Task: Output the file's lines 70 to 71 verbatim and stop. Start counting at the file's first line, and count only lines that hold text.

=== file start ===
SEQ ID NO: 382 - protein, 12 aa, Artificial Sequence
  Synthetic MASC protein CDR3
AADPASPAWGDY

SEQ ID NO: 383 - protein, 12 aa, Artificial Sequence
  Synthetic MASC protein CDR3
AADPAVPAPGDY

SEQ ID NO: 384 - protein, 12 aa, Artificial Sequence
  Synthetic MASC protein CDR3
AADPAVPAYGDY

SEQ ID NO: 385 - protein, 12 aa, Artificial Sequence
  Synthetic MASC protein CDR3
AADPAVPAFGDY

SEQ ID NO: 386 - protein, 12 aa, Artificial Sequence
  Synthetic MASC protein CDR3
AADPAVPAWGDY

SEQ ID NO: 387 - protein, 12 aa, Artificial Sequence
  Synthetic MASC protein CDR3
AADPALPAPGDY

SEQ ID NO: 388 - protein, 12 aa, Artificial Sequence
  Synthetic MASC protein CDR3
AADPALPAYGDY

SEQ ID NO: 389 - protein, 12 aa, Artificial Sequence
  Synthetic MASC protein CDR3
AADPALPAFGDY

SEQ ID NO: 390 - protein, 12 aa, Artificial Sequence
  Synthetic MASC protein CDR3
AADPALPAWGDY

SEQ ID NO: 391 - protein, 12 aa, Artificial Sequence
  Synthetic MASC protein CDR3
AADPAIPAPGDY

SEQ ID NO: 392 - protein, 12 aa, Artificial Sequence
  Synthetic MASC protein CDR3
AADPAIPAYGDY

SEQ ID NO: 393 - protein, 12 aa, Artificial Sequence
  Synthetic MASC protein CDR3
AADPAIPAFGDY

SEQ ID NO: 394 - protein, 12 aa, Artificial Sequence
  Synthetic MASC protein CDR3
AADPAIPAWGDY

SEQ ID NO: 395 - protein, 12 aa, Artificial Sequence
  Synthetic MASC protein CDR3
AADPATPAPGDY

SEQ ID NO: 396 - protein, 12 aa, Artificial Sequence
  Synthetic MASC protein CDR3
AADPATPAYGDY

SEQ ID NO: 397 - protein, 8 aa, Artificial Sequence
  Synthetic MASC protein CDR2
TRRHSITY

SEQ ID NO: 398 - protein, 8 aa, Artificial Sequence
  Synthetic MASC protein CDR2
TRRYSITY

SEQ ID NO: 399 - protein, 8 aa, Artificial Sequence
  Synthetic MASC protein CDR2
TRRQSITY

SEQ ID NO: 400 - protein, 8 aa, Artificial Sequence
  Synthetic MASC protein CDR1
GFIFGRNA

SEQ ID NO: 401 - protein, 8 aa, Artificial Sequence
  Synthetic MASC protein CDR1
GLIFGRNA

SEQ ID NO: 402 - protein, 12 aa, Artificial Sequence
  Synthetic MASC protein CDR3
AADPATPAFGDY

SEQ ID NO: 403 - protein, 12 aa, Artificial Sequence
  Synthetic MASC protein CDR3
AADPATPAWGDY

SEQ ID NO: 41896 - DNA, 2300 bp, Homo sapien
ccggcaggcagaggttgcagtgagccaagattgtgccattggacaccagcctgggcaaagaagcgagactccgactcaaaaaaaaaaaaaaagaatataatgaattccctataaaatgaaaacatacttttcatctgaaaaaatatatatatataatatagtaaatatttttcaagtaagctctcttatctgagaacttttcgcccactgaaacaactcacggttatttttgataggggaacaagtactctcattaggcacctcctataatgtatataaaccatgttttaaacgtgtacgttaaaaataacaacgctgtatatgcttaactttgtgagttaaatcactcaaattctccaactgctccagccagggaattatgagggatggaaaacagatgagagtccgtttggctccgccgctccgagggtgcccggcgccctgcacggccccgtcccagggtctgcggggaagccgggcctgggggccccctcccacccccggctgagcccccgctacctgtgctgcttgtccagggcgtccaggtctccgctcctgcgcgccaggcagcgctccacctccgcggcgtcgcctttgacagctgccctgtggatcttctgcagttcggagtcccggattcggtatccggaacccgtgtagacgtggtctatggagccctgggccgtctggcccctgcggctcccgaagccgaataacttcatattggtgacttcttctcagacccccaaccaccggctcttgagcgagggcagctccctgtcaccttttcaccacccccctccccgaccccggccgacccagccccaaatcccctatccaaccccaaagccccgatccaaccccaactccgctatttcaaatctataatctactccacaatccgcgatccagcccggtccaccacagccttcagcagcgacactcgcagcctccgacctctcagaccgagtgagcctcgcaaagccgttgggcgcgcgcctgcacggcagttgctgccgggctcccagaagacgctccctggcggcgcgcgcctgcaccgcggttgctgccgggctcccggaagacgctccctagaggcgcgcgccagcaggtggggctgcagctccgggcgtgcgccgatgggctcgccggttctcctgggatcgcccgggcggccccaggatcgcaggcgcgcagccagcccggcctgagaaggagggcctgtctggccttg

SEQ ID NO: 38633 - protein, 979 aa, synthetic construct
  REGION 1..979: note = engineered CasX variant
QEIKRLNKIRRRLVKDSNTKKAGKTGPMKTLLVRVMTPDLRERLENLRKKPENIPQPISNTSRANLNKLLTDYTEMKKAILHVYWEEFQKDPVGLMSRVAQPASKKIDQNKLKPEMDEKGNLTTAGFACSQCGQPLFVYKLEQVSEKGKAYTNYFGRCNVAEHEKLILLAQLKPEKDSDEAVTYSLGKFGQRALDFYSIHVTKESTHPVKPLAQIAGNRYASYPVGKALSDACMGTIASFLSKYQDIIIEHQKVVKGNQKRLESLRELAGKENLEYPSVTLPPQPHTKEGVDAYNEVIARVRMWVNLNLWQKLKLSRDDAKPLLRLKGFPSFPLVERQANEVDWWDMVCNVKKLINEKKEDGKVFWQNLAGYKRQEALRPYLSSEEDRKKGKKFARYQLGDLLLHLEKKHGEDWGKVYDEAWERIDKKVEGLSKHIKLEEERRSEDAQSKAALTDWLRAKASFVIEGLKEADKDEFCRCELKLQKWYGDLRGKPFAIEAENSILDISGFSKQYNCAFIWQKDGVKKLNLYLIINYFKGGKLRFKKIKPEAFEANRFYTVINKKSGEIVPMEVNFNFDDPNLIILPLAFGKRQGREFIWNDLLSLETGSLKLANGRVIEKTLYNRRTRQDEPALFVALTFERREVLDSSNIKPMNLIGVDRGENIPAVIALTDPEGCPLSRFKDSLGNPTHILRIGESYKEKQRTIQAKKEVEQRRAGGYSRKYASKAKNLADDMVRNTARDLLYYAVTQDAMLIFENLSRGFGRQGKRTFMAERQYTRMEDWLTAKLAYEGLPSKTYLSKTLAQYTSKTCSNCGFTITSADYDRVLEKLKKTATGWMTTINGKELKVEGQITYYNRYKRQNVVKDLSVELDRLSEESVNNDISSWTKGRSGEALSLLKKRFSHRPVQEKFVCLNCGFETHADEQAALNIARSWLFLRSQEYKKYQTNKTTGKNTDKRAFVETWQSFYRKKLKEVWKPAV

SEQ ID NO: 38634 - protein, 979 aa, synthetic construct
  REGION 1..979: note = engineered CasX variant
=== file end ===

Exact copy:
  REGION 1..979: note = engineered CasX variant
QEIKRLNKIRRRLVKDSNTKKAGKTGPMKTLLVRVMTPDLRERLENLRKKPENIPQPISNTSRANLNKLLTDYTEMKKAILHVYWEEFQKDPVGLMSRVAQPASKKIDQNKLKPEMDEKGNLTTAGFACSQCGQPLFVYKLEQVSEKGKAYTNYFGRCNVAEHEKLILLAQLKPEKDSDEAVTYSLGKFGQRALDFYSIHVTKESTHPVKPLAQIAGNRYASYPVGKALSDACMGTIASFLSKYQDIIIEHQKVVKGNQKRLESLRELAGKENLEYPSVTLPPQPHTKEGVDAYNEVIARVRMWVNLNLWQKLKLSRDDAKPLLRLKGFPSFPLVERQANEVDWWDMVCNVKKLINEKKEDGKVFWQNLAGYKRQEALRPYLSSEEDRKKGKKFARYQLGDLLLHLEKKHGEDWGKVYDEAWERIDKKVEGLSKHIKLEEERRSEDAQSKAALTDWLRAKASFVIEGLKEADKDEFCRCELKLQKWYGDLRGKPFAIEAENSILDISGFSKQYNCAFIWQKDGVKKLNLYLIINYFKGGKLRFKKIKPEAFEANRFYTVINKKSGEIVPMEVNFNFDDPNLIILPLAFGKRQGREFIWNDLLSLETGSLKLANGRVIEKTLYNRRTRQDEPALFVALTFERREVLDSSNIKPMNLIGVDRGENIPAVIALTDPEGCPLSRFKDSLGNPTHILRIGESYKEKQRTIQAKKEVEQRRAGGYSRKYASKAKNLADDMVRNTARDLLYYAVTQDAMLIFENLSRGFGRQGKRTFMAERQYTRMEDWLTAKLAYEGLPSKTYLSKTLAQYTSKTCSNCGFTITSADYDRVLEKLKKTATGWMTTINGKELKVEGQITYYNRYKRQNVVKDLSVELDRLSEESVNNDISSWTKGRSGEALSLLKKRFSHRPVQEKFVCLNCGFETHADEQAALNIARSWLFLRSQEYKKYQTNKTTGKNTDKRAFVETWQSFYRKKLKEVWKPAV